One of the biggest shortcomings of spa therapists is that they are not proactive or responsive in initial consultation interviews. Read More
January 6, 2018
I’m discovering an interesting trend in retail sales results and global spas. And since we’re just starting a New Year — this could be the key for massive success. Here we go.. Read More
October 25, 2017
August 10, 2017
Can you believe it’s almost the end of summer?
Back to school shopping, Labor Day cookouts and getting that last visit in to the beach are always big parts of our plans at this time of the year.
I’m excited because here in Bangkok, I’m preparing to speak at the annual ISPA2017conference in October. My topic is focused on introverts and retail selling. And then the thought hit me like a bolt of lightning. Read More
August 8, 2017
When training spa therapists I’ll use story-telling to measure where they are with engagement, and recommendations for products and services. If you are a spa manager or director try presenting this case study to your staff. Read More
July 18, 2017
China is a spa and wellness boom town. According to the Global Wellness Institute (GWI) report, in 2016 China drove the biggest recent gains in wellness tourism revenues (300%+).
June 20, 2017
When I consult with spa managers in the United States they often tell me that their number one problem is getting their staff to sell retail products. The past three years spent working in Asia has shown me that the same challenges exist.
Their solution has frequently been to increase product training, and to remind their staff more often how important selling is. This rarely fixes the problem because they are not addressing the root cause.
The spa industry has failed to recognize that most of its therapists are introverts by nature. They are quiet people who prefer the peaceful environment which so many spas offer. They work in subdued lighting. Customer interactions are mostly one on one. Because communication occurs largely through touch, the need to speak is kept to a minimum. This suits them just fine as introverts are not huge fans of small talk.
However, most therapists have nurturing spirits. They will bend over backwards to relieve someone’s pain. And as introverts they tend to be great listeners.
The good news is that listening well is at the heart of engagement. And engagement is the key to selling retail products.
For many therapists, customer engagement is initially very difficult. But once the stress and trepidation they experience from second guessing themselves is removed, they become the retail superstars that they are meant to be. And it happens rapidly.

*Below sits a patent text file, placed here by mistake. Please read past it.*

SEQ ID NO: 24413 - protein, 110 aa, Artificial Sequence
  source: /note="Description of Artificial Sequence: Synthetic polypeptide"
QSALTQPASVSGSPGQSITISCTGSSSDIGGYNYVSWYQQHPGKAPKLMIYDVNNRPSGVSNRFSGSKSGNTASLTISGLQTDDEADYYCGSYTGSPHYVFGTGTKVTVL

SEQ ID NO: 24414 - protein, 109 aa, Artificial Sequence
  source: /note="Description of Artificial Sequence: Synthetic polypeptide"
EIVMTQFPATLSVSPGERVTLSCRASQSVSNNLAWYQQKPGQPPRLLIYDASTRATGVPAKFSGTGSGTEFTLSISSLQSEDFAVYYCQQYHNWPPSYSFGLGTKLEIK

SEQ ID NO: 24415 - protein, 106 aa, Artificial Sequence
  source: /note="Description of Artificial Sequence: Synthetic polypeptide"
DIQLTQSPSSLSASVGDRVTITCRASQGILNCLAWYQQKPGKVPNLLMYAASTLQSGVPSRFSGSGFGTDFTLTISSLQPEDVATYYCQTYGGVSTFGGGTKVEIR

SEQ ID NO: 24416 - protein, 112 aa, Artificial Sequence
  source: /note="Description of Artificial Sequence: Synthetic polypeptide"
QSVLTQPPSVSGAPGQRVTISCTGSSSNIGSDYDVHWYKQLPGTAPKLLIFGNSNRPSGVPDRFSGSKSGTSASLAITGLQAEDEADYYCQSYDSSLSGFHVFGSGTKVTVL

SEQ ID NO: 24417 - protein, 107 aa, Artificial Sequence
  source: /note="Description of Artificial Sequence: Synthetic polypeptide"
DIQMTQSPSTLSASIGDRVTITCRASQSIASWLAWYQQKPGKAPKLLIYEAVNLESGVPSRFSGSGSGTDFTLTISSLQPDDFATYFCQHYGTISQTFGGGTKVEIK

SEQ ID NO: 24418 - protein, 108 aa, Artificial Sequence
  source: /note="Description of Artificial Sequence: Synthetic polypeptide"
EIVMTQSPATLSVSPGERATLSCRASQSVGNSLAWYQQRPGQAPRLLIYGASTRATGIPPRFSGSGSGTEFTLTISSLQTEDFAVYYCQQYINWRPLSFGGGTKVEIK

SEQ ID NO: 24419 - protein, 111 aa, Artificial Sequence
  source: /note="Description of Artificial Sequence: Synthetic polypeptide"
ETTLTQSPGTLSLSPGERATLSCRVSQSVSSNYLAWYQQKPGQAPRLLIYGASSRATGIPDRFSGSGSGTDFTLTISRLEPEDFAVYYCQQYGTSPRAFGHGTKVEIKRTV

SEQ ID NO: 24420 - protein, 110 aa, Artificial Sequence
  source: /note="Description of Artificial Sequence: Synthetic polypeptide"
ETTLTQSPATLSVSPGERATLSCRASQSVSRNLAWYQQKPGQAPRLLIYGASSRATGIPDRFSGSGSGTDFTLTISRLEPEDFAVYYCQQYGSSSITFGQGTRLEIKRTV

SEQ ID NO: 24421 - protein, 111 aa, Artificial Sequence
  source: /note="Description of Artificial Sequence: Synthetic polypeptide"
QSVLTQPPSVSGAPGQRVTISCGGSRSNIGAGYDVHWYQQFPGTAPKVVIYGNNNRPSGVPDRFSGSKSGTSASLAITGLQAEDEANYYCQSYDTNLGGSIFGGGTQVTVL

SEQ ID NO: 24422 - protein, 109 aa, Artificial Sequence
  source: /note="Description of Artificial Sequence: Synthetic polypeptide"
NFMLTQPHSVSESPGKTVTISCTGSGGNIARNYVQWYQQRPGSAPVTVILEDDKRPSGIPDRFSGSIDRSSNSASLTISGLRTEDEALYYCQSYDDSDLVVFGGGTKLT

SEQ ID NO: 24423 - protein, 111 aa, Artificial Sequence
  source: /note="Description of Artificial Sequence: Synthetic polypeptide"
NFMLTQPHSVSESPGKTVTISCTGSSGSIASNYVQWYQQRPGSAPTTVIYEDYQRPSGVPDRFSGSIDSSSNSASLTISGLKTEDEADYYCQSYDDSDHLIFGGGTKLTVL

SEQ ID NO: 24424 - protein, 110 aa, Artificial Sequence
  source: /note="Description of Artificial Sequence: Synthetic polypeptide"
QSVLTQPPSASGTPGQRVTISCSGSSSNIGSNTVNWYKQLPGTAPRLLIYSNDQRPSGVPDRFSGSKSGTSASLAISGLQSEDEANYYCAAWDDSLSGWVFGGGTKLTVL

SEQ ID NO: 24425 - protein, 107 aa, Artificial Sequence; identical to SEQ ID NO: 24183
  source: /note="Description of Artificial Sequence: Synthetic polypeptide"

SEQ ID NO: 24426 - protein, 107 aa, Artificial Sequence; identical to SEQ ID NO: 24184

Here are some tips that may help you position your team for more success in increasing your retail sales.
Tip # 1-Ask your therapists what gets in the way of their selling. Address their concerns and fears with empathy and honesty.
Tips # 2-. Divide your team into groups of three. Have them give a one minute presentation to their peers on something they love.
Tip # 3-Have the listeners repeat back what they heard the presenter say. This will help to build listening skills.
Tip # 4-In private provide positive feedback to the presenters on their presentation strengths. Guide them on improving their weaknesses.
Tip # 5-Using their strengths, repeat the presentation process using a retail product that they like. Roleplay presenting to a customer during down-time.
Join me at #ISPA2017 for Introverts: The Secret of Increasing Retail Sales.
May 4, 2017
A White Paper highlighting the opinions of spa industry leaders from the Asia Pacific region was released in April 2017. From a series of round-table discussions held in Thailand, one of the resulting conclusions was that people issues are still of primary concern. Despite industry growth that far outpaces global economic growth, the ability to ensure guest satisfaction and motivating millennials remain top of mind. Read More
April 26, 2017
Spa managers who achieve high retail sales know that a strong front desk team is worth their weight in gold. Conversely, show me a spa with low retail sales and chances are great that the receptionists are weak in product knowledge.
Recently I trained a city spa team with product sales that hovered around 6%. (25% and higher is ideal) Staff included three receptionists all of whom had worked there for over a year. A technique that I always use is to ask the front desk staff to tell me their complete skin care regimen based upon the products on the shelves. This does several things; it allows me to gauge their knowledge, comfort in explaining product use, enthusiasm for the brands and level of engagement.
None of the receptionists were well versed enough to inform me of an entire daily routine. Despite the fact that the spa carries only three brands, they have complete access to product samples and serve as treatment models during training, they were somewhat clueless.
I wonder what happens when guests come in to purchase products?
In contrast, high performing teams always have strong receptionists. They are more than just pretty. They’re highly engaging and product obsessed! If your guest has last minute doubts or questions about their purchase, a good receptionist calls upon their personal experience with the products. They can provide the reassurance necessary to close the sale.
For managers with a weak front desk staff, resolving knowledge gaps and apathy is not difficult to resolve. Take these five steps:
1. Ensure that down time is spent familiarizing themselves with your products.
2. Ask product related questions frequently.
3. Conduct role play sessions with them.
4. Include product knowledge expertise as part of their performance review.
5. Create a program to incentivize sales.
This is something that you can begin today.
Consider that your front desk is first and last contact for your guests. Make the experience excellent.